When You’re Stood Up Consider These Strategies To Control — And Reduce — Patient No-shows

Practitioners lose thousands of dollars annually from patient ‘no-shows’ and untimely cancellations. A single practitioner with an average of 10 no-shows per week can lose $40,000 or more a year.


Reducing these by even half can result in $20,000 more on the bottom line since there are virtually no incremental costs involved. It is a matter of utilizing your clinical and support staff more efficiently.

The following are some strategies that have worked with other practices to bring no-shows under control to a tolerable level. No single step will work. The solution involves a comprehensive approach that is tailored to your practice’s unique circumstances and patient demographics.

Team Approach. To be successful, the strategy should involve input, buy-in, and a coordinated effort among practitioners, clinical staff, and support staff. Everyone needs to focus on the objectives of keeping each practitioner’s schedule full and maximizing patient access.

Make an Assessment. Determine the extent of the problem. Begin with a spreadsheet, for each provider and in total, of historical data (one to three months) to include:

• Available patient blocks;

• Patient no-shows or same-day cancellations;

• Patient emergency and walk-in visits;

• Regularly scheduled recurring-patient visits and regularly scheduled new-patient visits;

• Total visits; and

• Total unfilled blocks.

This information will assist you in determining how many no-shows, cancellations, and unfilled patient blocks you need to reduce. It will also identify whether this is a practice-wide issue or concentrated with one or more practitioners. Equally important, it provides a basis for benchmarking and comparing future results of steps to be taken.

Analyze Current Scheduling Policy. This analysis can identify factors which may be contributing to the no-show problem. It may also identify other factors contributing to unfilled appointment blocks, e.g.:

• Overscheduling that causes long wait times. This can create patient dissatisfaction and resulting loss of patients and no-shows;

• Patient scheduling too far in advance (i.e., six to eight weeks). This can also cause a loss of patients who find access to care somewhere else;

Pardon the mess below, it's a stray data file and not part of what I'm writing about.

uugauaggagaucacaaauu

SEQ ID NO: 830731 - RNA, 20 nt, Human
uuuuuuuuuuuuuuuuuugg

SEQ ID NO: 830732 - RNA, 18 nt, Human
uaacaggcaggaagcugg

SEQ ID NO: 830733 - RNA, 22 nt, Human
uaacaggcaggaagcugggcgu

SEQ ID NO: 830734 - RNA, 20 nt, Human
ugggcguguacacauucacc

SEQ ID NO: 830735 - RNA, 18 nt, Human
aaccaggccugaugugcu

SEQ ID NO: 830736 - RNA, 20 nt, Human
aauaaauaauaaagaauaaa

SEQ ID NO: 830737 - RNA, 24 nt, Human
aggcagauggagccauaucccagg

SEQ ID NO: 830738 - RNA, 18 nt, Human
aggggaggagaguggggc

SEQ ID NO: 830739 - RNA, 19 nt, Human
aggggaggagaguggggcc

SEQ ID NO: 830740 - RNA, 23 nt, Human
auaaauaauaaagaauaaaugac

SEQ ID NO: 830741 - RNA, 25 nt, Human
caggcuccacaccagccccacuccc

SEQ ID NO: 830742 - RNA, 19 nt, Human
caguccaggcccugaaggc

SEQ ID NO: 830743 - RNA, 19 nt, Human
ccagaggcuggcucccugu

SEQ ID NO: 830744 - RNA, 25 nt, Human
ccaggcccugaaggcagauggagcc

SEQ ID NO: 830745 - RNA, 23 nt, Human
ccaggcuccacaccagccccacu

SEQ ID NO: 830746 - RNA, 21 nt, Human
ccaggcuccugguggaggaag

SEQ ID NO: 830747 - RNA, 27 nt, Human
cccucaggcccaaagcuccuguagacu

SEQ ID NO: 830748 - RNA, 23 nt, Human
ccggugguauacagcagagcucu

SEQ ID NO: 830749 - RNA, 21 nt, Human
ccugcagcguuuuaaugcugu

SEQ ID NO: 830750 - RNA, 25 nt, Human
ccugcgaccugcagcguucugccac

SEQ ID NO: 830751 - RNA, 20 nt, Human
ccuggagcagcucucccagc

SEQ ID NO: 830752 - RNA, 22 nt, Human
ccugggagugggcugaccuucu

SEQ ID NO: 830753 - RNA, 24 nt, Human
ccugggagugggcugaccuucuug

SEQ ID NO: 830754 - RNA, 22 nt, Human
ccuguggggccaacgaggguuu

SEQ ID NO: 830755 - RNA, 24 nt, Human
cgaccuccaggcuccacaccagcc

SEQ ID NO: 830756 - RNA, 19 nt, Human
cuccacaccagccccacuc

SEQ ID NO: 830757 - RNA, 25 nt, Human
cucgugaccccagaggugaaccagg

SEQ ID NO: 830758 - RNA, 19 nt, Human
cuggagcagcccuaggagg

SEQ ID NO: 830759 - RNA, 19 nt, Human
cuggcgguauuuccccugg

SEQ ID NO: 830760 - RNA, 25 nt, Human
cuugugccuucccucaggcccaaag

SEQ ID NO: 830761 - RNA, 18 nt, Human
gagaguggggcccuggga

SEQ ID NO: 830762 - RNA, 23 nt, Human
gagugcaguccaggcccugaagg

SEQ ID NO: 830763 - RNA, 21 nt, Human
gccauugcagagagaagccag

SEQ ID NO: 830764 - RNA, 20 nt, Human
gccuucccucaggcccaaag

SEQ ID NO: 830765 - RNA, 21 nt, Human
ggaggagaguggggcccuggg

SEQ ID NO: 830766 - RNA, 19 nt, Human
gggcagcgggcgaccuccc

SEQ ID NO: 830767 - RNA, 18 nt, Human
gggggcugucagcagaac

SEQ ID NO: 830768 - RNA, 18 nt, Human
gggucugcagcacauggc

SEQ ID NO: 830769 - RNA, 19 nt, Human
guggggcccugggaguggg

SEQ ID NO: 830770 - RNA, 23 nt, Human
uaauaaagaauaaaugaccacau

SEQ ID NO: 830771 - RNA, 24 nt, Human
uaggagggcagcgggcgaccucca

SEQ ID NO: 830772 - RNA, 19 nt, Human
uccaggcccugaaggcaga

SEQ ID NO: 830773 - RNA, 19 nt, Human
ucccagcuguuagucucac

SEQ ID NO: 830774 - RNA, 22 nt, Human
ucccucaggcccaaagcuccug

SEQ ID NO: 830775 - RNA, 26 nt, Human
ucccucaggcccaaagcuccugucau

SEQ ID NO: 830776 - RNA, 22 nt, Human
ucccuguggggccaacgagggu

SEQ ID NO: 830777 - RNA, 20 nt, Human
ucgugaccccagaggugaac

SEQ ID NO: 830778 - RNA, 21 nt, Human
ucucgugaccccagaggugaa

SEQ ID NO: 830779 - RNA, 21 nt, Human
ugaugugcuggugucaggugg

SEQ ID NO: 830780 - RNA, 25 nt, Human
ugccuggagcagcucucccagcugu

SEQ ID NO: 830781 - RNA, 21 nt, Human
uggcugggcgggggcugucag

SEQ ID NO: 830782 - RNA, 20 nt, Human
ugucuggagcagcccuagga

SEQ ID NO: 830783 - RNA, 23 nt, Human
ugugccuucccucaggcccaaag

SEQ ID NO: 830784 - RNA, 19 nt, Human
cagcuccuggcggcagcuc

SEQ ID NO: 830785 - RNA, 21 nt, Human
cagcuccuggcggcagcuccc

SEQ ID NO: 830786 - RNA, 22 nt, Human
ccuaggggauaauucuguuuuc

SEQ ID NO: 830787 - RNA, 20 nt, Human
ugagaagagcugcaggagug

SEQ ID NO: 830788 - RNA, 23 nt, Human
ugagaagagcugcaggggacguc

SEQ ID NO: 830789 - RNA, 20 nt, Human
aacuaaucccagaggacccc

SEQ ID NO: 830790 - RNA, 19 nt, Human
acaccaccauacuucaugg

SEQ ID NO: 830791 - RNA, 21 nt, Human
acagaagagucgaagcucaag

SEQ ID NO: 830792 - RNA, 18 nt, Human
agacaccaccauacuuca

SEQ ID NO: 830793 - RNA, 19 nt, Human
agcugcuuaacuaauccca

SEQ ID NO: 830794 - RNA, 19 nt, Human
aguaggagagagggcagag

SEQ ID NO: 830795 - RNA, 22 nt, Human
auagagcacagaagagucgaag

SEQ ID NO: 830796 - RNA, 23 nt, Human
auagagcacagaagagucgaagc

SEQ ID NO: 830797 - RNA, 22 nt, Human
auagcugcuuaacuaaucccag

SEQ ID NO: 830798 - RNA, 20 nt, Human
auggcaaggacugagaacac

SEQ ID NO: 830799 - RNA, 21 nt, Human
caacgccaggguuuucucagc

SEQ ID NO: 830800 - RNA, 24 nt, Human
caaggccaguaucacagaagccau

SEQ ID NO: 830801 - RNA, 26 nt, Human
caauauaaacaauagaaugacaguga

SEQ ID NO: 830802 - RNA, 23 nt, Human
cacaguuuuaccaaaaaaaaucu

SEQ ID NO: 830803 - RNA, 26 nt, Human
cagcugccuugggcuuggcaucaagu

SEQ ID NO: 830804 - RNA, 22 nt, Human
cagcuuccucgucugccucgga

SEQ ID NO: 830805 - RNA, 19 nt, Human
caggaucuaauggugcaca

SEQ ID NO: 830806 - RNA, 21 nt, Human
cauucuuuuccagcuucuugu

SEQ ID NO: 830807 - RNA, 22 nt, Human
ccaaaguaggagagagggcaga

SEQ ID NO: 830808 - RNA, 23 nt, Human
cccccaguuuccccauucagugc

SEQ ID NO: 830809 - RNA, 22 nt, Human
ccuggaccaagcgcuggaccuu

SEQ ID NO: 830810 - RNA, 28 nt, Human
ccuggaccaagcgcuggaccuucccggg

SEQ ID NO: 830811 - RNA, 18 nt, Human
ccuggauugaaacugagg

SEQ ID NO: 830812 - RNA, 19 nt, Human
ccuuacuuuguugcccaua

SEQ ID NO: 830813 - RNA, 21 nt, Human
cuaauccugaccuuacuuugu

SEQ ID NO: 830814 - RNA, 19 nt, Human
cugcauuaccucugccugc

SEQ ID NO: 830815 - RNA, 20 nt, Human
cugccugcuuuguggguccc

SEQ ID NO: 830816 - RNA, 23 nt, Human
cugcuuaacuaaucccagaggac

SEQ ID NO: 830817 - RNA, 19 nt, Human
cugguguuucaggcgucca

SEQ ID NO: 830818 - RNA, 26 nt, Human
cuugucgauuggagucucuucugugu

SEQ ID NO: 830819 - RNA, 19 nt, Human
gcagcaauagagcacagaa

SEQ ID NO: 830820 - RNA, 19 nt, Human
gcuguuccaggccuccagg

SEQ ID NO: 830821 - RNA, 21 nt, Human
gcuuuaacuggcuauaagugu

• No follow-up appointment policy; and

• Erratic patient reminder policy.

Diagnose the Problem. With the information provided above, you will be able to identify and focus on the factors contributing to your no-show problem. External factors can include payer-referral and pre-certification constraints, as well as individual non-compliant patients. Internal factors can include ineffective or counterproductive scheduling policies and practices; poorly administered follow-up and patient reminder practices; untrained, inadequate, or incompetent support staff; and practitioner-induced cancellations (i.e., inadequate notice of vacations and other time off, or unpopularity with patients).

Execute the Action Plan. The following steps have been proven to reduce no-shows and have increased patient access to care as well as practitioner productivity. No one single action can be expected to produce desired results.

• In scheduling patients out to six weeks, allow for estimated new-patient visits and emergency visits based on a rolling average of historical information;

• Do not leave excessive blocks of time open which will cause patients to be scheduled too far out; for example, don’t leave half-days open in anticipation of these being filled by later appointments;

• Confirm with the practitioner on each visit whether there will be a follow-up visit, and schedule it before the patient leaves the office. Give the patient a written appointment card;

• When scheduling patients beyond four weeks, ask if they would be able to come in sooner on a 24-hour notice. Place these patients on a chronological walk-in list for unanticipated cancellations;

• Send reminder notices to patients seven to 10 days before the scheduled appointment, requesting them to call and confirm;

• Make reminder phone calls two to three days prior to the scheduled visit. Try to make personal contact to confirm. Note that the patient-reminder function can be outsourced to vendors who specialize in this service. Some online scheduling packages provide for an automated reminder system to assist in this function;

• Require practitioners to notify scheduling personnel of vacations, conferences, and other anticipated leave no later than eight weeks in advance;

• Review each practitioner’s schedule seven days in advance, and overbook for the historical no-show rate after consideration of anticipated walk-in and emergency visits;

• Do not charge patients for no-shows. These have historically created ill will that outweighs any benefits;

• Track repeat no-show patients, and consider a policy of available bookings only for these patients;

• Develop a written manual of scheduling policies and procedures, and train all personnel who have patient contact; and

• Track and monitor results, and re-evaluate the policies and procedures. Communicate with personnel and reward positive results.

A well-thought-out scheduling plan will reduce no-shows and increase revenue, patient access, and efficiency of personnel resources. It may also provide data to determine the feasibility of extended hours or additional providers.

James B. Calnan, CPA, is partner-in-charge of the Health Care Services Division of Meyers Brothers, P.C. in Longmeadow; (413) 567-6101.